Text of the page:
13 Berlin Wall Facts Reflecting History, Construction, And Fall | Kidadl

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13 Berlin Wall Facts Reflecting History, Construction, And Fall

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The Berlin Wall was a barrier that divided two halves of the German nation, West Germany and East Germany.

The Berlin Wall was one of the most tangible aspects of the era of the Cold War. The division of West Germany and East Germany was that of oppression to both sides.

The Berlin Wall stands as the most iconic symbol of the Cold War; however, it was only put in place 15 years after the events of the Cold War had begun. There were two million people from East Germany that went to West Germany between 1949-1961. The Berlin Wall’s original purpose was to put an end to the crossing of East German people. However, after there was a brain drain of citizens on the Eastern Side, the Soviet Union leaders decided otherwise. You might be surprised to know but the Berlin Wall was actually made of two walls! Continue reading to find out more Berlin Wall facts to know more about the concrete blocks and walls constructed to divide Germany. Afterward, also check facts about Bolton and Black Wall Street facts.

Berlin Wall History

For 30 years, the wall that divided the city of Berlin not only served as the difference of ideology between the West and Soviets, it was also an ugly mark of the Cold War.

The Berlin Crisis was the event that led to the wall that divided East and West Berlin. Nikita Khrushchev, who was the leader of the Soviet Union gave a speech on November 10, 1958, in which the Soviet leader demanded that the Western powers of the United States, the United Kingdom, and France withdraw their allied military personnel from West Berlin within six months. This ultimatum began a three-year crisis over Berlin's future, culminating in 1961 with the construction of the wall that divided East and West Berlin; it ultimately led to the falling of Berlin. Despite promises made after the Second World War to reunite the Soviet zone and the Allied zone of Berlin, the division of Germany and its capital city of Berlin among the four World War II winners were locked in time when the Cold War began.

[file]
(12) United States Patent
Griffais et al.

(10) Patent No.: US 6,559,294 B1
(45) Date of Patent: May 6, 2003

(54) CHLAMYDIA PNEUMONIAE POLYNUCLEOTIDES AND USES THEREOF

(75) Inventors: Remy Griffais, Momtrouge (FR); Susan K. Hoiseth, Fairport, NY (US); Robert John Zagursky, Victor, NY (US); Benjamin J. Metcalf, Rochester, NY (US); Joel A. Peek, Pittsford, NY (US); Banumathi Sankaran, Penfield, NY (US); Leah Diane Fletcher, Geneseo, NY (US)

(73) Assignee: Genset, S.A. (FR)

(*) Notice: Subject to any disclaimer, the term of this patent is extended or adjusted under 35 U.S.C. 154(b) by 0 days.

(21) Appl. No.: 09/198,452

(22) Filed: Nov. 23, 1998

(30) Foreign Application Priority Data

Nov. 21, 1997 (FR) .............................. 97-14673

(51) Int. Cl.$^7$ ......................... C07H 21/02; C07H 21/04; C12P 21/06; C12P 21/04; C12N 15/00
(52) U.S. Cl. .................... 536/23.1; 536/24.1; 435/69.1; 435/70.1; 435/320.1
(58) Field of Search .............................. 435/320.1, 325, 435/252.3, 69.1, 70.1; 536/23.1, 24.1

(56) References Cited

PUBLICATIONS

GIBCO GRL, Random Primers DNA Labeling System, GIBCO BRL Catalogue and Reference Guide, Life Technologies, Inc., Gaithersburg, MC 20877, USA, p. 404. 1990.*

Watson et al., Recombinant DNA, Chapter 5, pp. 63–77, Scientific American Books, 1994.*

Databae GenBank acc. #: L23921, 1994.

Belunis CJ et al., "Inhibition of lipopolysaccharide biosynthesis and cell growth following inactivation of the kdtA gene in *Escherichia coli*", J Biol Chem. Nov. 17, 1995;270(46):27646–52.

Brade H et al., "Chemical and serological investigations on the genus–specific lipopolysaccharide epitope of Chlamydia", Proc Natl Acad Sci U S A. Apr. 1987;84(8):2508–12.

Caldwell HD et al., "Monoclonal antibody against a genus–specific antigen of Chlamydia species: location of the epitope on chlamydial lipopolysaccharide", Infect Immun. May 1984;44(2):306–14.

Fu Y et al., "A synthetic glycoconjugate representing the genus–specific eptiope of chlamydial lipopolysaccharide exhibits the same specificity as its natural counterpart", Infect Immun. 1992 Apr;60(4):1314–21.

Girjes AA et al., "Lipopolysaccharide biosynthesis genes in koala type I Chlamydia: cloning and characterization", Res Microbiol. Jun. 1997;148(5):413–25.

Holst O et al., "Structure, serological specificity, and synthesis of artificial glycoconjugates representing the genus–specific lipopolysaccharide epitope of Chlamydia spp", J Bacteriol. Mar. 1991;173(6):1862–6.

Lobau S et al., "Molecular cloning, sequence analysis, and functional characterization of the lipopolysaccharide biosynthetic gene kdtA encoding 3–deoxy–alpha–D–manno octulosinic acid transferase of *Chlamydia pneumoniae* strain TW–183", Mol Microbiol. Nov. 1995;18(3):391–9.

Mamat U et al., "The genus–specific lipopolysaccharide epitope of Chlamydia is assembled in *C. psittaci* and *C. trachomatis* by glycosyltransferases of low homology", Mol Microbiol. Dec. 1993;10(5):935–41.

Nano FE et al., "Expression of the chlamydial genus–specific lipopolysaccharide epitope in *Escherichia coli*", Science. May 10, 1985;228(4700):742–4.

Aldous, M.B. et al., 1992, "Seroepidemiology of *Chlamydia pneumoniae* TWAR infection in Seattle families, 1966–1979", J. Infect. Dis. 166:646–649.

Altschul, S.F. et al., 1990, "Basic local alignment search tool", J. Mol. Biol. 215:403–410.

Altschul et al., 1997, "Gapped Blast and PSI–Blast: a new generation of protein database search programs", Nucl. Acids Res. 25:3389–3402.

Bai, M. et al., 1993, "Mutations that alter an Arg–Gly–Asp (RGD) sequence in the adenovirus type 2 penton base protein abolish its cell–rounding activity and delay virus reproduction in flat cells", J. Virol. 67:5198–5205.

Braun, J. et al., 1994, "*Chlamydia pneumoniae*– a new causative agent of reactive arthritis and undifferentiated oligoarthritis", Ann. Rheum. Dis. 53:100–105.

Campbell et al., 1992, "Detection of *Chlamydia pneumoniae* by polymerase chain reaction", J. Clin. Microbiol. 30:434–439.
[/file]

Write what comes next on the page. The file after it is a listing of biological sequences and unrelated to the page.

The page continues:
Although West Berlin remained under Western administration that was, it was positioned deep within East German territory, making its defense against Soviet Union takeover a continuing issue for the western powers. The Soviet Union had many other Eastern European countries under its control and could launch attacks from their lands too. The Soviet Union provoked a crisis in the city of Berlin in 1948 when it closed off land access between West Germany and West Berlin to stop border crossings, prompting a year-long airlift of supplies to the trapped people. The Soviet Sector finally decided to open the border crossing. This came to be known as the Berlin Airlift. A similar predicament, however, led to the fall of Berlin in 1958, East Berlin was already too crowded and rich to be fed by air. The United States and other allied Western countries saw West Berlin's economic growth and political freedom as a sign of the capitalist system's triumph, and it was firmly devoted to the protection of West Berlin. The Soviets made a move to shut off land access once more had the potential to escalate the confrontation between the Soviet Union and Western Powers.

The Soviet Union and the East German government were increasingly seeing the Western Part of Berlin as a burden. The city's division exposed the stark contrast between the communist and capitalist regimes of the East Berlin Government and the West Berlin Government, and the freedom of movement between the sectors resulted in a large migration from Easter Berliners to West Berlin, they hoped that their lives would be much better under Western powers as compared to the oppressive rule of the Soviet Union in East Berlin.

In November 1958, the Soviet Leader Nikita Khrushchev stated in a speech that it was time for the Western Fascists to withdraw from West Berlin in order to stem the movement of people from east to west and to control West Germany's rising military potential which could have been an immense threat for the Soviet Union.

The people of East Berlin awoke on August 13, 1961, to find that a barbed-wire fence had been erected overnight on the instructions of the East German Government. The wall divided the east and west parts of Berlin and also limited mobility between the two sides. The wall served as a division of Germany itself, it reminded people of the ideological differences between East and West Germany. The barbed wire fence was quickly reinforced with masonry walls with East German guards on security towers and watchtowers. The Berlin Wall would prevent the west from exerting further influence on Eastern Berlin and would also halt the flow of refugees out of the Soviet sector. All of this led to the Berlin Wall becoming Europe's most famous symbol of the Cold War. The wall and its barbed wire fence which split families and curtailed freedom of movement between east and west Germany were swiftly denounced by the US at the time. There were many failed escape attempts to cross the Berlin Wall, those who were caught by East German Border Guards were heavily punished. Those who tried to cross the Berlin Wall were imprisoned for five years and at times were shot and killed on the spot.

Even if some of the guards tried to escape from East Berlin, these guards would try to flee on their own, using their uniform as a cover to enter West Berlin without being questioned. More than 1,200 desperate guards fled to West Berlin in the first two years of the wall's existence to escape their constricted lives and responsibilities.